Now that I've seen Harry Potter and the Half-Blood Prince, here are my rankings of the movies and books at this point.
1. Chamber of Secrets (movie 2)
2. Sorceror's Stone (movie 1)
3. Half-Blood Prince (movie 6)
4. Prisoner of Azkaban (movie 3)
5. Goblet of Fire (movie 4)
6. Order of the Phoenix (movie 5)
1. Deathly Hallows (book 7)
2. Order of the Phoenix (book 5)
3. Goblet of Fire (book 4)
4. Half-Blood Prince (book 6)
5. Prisoner of Azkaban (book 3)
6. Chamber of Secrets (book 2)
7. Sorceror's Stone (book 1)
Isn't it interesting that how much I liked the movies is roughly inversely proportional to how much I liked the books? Part of what influences it is how faithful the movies are to the books, not that I insist on getting it exactly like the book, but until the latest film they were increasingly leaving out significant parts of the books, even parts that help explain otherwise unexplained phenomena or actions of characters. It left a much less satisfying experience, especially if you knew that there was an explanation in the books. Plus a lot of the scenes and entire plotlines that were left out were fun, interesting, and suspense-building. When you consider that the movies were actually getting shorter as the books got longer, it just drives home the disappointment, because there was so much room for more in Order of the Phoenix, the longest of the books but the shortest of the movies.
I expected Half-Blood Prince to be an improvement over the last few, because the book is much shorter than the two previous books, and they were willing to make it a longer movie. I figured they'd be able to include a higher percentage of plotlines and scenes from the book, and I was right. They were. There were still places where they changed things needlessly (most annoyingly at the end where they made Harry's incapacity to act because of Dumbledore's spell into a moral choice not to act). There wouldn't have been a huge increase in time if they'd explained a few things a little better with explanations from the book. The most unexplainable thing was the scene they completely made up that wasn't in the book at all with the Christmas attack. Harry's actions there made no sense. But it was far superior to the three previous movies, which all had major plots missing. What was missing from this was no more than what was missing from Prisoner of Azkaban, but it affected the plot less, so I place it above that. I didn't understand from the movie alone everything that had happened by the end, and I didn't get it fully until I read the book.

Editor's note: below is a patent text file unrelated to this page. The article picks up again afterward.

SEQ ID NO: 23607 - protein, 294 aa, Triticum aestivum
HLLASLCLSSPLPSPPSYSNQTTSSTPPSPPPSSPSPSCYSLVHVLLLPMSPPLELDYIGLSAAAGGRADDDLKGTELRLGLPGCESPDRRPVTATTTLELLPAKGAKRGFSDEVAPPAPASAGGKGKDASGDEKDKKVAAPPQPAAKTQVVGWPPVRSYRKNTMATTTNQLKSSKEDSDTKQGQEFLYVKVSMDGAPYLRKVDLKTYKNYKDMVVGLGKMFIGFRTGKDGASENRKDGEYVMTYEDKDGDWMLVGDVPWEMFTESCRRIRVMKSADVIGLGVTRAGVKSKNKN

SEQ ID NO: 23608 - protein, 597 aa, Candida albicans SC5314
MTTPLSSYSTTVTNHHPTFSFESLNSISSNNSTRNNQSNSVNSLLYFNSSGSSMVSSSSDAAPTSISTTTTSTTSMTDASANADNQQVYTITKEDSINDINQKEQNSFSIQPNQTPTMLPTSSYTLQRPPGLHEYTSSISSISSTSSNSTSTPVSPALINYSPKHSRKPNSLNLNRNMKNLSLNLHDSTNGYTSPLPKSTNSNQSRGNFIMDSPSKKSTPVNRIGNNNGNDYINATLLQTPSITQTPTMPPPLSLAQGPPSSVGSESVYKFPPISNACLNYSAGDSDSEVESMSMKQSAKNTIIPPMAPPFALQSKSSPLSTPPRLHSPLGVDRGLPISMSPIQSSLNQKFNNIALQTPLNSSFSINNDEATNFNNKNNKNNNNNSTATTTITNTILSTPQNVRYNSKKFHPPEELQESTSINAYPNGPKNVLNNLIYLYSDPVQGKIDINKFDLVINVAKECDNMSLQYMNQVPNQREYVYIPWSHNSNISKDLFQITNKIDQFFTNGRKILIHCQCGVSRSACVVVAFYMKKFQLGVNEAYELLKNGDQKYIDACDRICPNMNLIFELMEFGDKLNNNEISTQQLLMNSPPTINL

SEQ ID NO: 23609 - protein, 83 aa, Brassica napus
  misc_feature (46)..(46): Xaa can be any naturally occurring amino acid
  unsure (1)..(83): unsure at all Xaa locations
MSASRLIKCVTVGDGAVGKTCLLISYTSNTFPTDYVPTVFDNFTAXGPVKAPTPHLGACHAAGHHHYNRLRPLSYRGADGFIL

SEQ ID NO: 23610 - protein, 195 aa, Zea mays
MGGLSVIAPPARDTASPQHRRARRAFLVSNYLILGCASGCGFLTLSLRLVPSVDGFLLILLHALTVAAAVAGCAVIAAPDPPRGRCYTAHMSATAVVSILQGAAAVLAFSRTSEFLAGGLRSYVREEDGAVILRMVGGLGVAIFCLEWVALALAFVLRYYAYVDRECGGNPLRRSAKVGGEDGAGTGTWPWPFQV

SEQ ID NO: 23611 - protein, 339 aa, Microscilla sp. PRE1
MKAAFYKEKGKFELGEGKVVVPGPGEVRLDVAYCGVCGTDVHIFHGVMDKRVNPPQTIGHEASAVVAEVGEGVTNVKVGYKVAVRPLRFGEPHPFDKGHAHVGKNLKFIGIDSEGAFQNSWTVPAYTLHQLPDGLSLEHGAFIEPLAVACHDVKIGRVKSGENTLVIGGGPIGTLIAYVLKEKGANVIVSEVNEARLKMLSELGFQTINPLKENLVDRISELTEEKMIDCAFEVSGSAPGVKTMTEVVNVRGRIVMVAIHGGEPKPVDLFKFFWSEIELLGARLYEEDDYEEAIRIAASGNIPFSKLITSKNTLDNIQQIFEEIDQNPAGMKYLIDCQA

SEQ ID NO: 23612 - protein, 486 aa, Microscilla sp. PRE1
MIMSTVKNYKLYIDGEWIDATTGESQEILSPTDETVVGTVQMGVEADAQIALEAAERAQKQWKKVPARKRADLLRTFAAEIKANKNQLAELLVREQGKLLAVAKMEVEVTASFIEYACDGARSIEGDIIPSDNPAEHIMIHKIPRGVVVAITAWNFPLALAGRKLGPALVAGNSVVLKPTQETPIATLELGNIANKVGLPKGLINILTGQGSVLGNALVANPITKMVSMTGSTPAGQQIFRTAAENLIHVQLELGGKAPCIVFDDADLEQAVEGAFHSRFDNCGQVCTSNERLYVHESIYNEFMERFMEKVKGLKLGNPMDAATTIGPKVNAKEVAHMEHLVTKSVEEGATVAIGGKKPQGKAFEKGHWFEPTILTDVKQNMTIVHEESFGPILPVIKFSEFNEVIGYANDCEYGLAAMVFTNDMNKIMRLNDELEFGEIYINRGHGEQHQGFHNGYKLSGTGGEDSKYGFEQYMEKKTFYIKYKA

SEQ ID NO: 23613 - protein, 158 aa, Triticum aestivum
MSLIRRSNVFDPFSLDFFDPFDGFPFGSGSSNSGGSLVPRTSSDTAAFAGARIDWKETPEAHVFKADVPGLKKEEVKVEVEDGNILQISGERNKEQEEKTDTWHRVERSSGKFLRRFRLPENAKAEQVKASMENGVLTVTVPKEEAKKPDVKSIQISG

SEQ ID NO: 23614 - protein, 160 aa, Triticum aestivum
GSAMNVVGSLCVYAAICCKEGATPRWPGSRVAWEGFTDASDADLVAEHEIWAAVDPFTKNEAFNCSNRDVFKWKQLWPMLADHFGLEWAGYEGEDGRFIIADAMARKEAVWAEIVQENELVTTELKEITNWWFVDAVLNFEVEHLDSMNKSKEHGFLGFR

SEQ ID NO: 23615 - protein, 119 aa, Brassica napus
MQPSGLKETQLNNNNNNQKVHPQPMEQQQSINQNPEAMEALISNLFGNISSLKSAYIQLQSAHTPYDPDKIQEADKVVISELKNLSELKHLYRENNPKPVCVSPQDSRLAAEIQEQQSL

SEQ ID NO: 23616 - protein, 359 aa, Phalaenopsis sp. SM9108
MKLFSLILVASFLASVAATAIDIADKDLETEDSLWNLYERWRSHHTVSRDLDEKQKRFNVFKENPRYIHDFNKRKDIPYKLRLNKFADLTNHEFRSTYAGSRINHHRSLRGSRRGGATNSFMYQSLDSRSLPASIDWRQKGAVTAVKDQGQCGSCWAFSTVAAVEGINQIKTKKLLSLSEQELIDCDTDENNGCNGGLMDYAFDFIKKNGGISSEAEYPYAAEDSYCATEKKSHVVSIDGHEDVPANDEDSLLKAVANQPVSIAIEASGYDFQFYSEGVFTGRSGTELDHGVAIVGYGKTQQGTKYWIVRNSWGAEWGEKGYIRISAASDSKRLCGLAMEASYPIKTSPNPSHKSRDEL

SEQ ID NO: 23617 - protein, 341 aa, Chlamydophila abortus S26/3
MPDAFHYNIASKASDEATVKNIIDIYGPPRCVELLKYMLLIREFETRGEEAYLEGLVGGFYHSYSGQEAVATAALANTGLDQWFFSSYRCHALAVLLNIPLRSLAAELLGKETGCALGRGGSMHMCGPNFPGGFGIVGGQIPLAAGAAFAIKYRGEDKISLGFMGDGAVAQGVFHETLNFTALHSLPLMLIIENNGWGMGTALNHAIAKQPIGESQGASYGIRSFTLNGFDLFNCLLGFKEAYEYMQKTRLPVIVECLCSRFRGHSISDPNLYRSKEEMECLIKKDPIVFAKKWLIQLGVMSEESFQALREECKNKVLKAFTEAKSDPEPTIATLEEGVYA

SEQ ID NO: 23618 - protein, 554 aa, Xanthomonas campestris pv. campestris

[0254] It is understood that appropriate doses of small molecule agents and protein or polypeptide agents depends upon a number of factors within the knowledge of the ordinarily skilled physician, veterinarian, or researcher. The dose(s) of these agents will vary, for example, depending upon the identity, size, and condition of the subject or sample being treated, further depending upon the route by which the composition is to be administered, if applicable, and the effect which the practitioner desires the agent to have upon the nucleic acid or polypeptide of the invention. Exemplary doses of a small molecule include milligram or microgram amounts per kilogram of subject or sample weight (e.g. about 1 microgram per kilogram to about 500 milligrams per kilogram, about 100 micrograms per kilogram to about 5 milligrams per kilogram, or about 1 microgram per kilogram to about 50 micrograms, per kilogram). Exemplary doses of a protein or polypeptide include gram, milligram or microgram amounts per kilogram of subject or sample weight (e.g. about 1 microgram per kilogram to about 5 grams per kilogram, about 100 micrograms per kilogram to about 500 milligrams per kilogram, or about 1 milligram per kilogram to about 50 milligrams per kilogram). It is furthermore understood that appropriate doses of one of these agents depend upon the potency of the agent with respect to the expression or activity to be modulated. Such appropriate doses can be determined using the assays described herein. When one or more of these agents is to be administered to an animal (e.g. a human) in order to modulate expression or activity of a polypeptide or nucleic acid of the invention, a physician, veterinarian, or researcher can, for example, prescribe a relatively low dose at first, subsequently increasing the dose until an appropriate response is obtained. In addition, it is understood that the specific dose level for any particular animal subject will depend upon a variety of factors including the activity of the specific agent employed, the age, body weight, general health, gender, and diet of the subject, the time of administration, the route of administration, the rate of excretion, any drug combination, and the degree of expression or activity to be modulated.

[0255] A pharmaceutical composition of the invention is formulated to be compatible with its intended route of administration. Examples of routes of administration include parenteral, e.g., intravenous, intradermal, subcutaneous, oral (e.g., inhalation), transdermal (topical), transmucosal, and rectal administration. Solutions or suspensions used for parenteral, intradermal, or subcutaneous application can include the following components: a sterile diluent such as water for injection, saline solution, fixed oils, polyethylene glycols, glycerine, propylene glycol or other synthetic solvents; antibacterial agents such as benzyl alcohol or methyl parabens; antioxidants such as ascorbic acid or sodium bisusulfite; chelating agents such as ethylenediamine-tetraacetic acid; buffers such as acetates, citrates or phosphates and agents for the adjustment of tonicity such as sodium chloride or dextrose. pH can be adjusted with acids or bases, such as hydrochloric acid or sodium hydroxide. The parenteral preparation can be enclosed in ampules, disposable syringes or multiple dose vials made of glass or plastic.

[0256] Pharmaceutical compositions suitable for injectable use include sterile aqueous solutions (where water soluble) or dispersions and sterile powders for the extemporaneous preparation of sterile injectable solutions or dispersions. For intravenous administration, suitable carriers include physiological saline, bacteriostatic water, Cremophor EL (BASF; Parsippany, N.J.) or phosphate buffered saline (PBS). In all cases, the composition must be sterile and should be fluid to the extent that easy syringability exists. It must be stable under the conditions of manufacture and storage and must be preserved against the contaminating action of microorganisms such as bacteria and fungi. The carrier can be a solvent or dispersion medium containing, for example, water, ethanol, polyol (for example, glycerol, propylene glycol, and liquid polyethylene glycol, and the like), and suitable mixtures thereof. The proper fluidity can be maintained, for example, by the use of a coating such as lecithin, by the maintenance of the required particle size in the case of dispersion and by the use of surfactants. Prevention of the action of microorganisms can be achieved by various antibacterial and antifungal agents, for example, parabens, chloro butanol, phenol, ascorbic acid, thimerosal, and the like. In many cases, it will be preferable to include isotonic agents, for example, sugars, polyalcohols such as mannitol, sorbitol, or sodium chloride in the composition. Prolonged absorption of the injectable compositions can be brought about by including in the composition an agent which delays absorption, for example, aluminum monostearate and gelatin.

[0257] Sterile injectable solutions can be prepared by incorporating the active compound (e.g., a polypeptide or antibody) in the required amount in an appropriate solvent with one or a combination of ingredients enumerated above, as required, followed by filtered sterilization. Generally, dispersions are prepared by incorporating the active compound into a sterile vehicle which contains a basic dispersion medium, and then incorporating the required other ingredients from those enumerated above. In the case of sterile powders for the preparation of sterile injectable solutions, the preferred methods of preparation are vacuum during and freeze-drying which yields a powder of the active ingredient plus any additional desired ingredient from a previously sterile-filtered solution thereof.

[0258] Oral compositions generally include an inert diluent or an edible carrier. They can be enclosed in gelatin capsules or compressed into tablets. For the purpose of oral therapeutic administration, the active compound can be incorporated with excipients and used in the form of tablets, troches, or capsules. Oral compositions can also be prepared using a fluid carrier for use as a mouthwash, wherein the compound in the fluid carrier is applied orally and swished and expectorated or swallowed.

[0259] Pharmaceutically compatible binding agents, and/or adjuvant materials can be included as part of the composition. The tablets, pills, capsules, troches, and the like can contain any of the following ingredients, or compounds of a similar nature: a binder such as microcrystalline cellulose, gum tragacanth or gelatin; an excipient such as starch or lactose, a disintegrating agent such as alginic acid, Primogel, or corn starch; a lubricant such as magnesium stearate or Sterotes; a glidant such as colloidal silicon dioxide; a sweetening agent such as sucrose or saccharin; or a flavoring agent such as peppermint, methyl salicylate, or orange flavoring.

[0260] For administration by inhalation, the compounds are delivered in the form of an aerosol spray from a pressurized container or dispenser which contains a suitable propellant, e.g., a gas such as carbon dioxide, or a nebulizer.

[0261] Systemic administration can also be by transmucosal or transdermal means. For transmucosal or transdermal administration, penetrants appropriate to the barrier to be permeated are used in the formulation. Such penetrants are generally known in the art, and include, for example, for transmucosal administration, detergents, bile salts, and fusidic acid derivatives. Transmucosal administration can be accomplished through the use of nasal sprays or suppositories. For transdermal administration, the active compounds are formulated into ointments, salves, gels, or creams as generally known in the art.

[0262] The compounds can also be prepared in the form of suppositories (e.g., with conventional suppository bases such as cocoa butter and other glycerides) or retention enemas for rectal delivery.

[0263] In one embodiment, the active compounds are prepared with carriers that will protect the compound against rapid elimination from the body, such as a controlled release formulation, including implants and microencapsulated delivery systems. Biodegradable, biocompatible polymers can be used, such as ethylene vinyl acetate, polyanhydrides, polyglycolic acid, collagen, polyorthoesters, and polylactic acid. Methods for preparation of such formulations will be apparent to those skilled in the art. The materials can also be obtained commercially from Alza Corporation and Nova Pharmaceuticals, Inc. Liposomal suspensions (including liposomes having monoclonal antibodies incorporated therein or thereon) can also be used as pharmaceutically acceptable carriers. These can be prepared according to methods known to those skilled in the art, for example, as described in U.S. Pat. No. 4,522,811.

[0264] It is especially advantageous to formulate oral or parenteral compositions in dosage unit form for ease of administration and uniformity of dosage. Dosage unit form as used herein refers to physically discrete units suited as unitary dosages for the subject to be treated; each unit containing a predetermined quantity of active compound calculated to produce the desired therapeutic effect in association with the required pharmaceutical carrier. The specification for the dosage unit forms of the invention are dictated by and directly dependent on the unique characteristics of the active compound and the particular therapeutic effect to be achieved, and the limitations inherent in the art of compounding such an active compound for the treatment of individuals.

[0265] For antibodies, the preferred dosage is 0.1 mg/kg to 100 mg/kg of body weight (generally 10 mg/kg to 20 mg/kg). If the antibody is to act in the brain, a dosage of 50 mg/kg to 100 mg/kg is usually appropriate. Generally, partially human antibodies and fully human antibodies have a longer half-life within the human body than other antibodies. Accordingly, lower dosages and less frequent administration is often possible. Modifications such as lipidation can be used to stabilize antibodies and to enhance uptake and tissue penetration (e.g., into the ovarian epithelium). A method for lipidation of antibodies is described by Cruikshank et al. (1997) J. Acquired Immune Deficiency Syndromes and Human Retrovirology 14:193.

This film should be understandable in the most crucial ways to those who haven't read the book, and it's the first one since the two directed by Chris Columbus that that's true of, at least in the most important aspects. But those stories made complete sense in pretty much every way as films, and they didn't cut major plots the way this one did with the private lessons Dumbledore gave Harry all year about Voldemort's past, which they abbreviated far too much in the movie to be satisfying. I also thought they shouldn't have cut out the Professor Trelawney storyline, which both explains more on her prophecies, which will play a big role in the next one (although maybe they'll find a way to put it in that one instead). They didn't explain the Room of Requirement well, why Harry couldn't get in, why it looked different from it did in Order of the Phoenix when he did, and why it looked like what it looked for for Malfoy. They had Ginny hide the book rather than Harry, and I wonder if that will create problems when they need to return in the final movie for the item that in the book Harry sees while hiding his potions book. Leaving out the new Minister of Magic might make it harder to explain the transition for the Ministry near the beginning of book 7 as well, and the absence of the house elves again might create problems for when they have to reintroduce Dobby and Kreacher in the next one.
I'm hoping that the decision to split Deathly Hallows into two movies will prevent it from being any worse than this outing, since there really is a lot to include, and pretty much all of the necessary parts could easily make two three-hour movies if done well (and they're shooting for two to two-and-a-half hours per movie). They're going to have to trim some things, as they did here. I'm just hoping that they choose a little more judiciously than they did with a few things in this film.